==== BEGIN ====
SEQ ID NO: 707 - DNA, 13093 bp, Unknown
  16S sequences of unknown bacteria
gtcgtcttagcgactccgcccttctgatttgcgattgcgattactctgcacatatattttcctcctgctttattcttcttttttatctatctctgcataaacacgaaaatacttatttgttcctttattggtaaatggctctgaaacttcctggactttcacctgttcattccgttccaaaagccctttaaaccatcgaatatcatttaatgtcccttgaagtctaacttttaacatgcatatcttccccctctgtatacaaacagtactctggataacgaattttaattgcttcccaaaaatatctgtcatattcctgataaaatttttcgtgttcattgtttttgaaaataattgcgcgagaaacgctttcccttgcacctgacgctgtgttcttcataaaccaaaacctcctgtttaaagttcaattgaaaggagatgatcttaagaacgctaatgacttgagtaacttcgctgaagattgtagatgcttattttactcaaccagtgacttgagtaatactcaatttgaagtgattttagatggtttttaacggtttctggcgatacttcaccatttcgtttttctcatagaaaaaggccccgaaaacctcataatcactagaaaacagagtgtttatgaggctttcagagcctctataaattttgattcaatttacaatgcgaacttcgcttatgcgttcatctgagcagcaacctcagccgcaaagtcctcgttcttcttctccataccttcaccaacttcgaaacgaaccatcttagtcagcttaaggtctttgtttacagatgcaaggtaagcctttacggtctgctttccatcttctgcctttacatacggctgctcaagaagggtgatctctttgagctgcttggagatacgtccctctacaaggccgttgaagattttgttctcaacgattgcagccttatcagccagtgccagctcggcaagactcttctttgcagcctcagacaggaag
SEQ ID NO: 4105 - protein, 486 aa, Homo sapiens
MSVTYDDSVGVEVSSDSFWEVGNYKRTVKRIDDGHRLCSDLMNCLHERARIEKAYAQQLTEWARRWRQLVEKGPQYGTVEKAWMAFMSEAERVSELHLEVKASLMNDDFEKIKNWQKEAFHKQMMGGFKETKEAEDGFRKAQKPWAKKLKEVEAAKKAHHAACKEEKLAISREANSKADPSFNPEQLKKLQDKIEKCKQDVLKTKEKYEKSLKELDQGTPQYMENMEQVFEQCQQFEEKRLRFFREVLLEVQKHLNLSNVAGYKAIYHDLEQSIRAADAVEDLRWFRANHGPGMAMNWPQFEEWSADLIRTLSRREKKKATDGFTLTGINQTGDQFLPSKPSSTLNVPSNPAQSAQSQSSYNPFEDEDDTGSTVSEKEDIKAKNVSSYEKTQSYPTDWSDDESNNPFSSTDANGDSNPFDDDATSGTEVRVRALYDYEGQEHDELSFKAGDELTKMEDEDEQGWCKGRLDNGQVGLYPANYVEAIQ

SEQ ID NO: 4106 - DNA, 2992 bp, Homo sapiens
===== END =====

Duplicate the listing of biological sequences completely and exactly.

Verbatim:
SEQ ID NO: 707 - DNA, 13093 bp, Unknown
  16S sequences of unknown bacteria
gtcgtcttagcgactccgcccttctgatttgcgattgcgattactctgcacatatattttcctcctgctttattcttcttttttatctatctctgcataaacacgaaaatacttatttgttcctttattggtaaatggctctgaaacttcctggactttcacctgttcattccgttccaaaagccctttaaaccatcgaatatcatttaatgtcccttgaagtctaacttttaacatgcatatcttccccctctgtatacaaacagtactctggataacgaattttaattgcttcccaaaaatatctgtcatattcctgataaaatttttcgtgttcattgtttttgaaaataattgcgcgagaaacgctttcccttgcacctgacgctgtgttcttcataaaccaaaacctcctgtttaaagttcaattgaaaggagatgatcttaagaacgctaatgacttgagtaacttcgctgaagattgtagatgcttattttactcaaccagtgacttgagtaatactcaatttgaagtgattttagatggtttttaacggtttctggcgatacttcaccatttcgtttttctcatagaaaaaggccccgaaaacctcataatcactagaaaacagagtgtttatgaggctttcagagcctctataaattttgattcaatttacaatgcgaacttcgcttatgcgttcatctgagcagcaacctcagccgcaaagtcctcgttcttcttctccataccttcaccaacttcgaaacgaaccatcttagtcagcttaaggtctttgtttacagatgcaaggtaagcctttacggtctgctttccatcttctgcctttacatacggctgctcaagaagggtgatctctttgagctgcttggagatacgtccctctacaaggccgttgaagattttgttctcaacgattgcagccttatcagccagtgccagctcggcaagactcttctttgcagcctcagacaggaag
SEQ ID NO: 4105 - protein, 486 aa, Homo sapiens
MSVTYDDSVGVEVSSDSFWEVGNYKRTVKRIDDGHRLCSDLMNCLHERARIEKAYAQQLTEWARRWRQLVEKGPQYGTVEKAWMAFMSEAERVSELHLEVKASLMNDDFEKIKNWQKEAFHKQMMGGFKETKEAEDGFRKAQKPWAKKLKEVEAAKKAHHAACKEEKLAISREANSKADPSFNPEQLKKLQDKIEKCKQDVLKTKEKYEKSLKELDQGTPQYMENMEQVFEQCQQFEEKRLRFFREVLLEVQKHLNLSNVAGYKAIYHDLEQSIRAADAVEDLRWFRANHGPGMAMNWPQFEEWSADLIRTLSRREKKKATDGFTLTGINQTGDQFLPSKPSSTLNVPSNPAQSAQSQSSYNPFEDEDDTGSTVSEKEDIKAKNVSSYEKTQSYPTDWSDDESNNPFSSTDANGDSNPFDDDATSGTEVRVRALYDYEGQEHDELSFKAGDELTKMEDEDEQGWCKGRLDNGQVGLYPANYVEAIQ

SEQ ID NO: 4106 - DNA, 2992 bp, Homo sapiens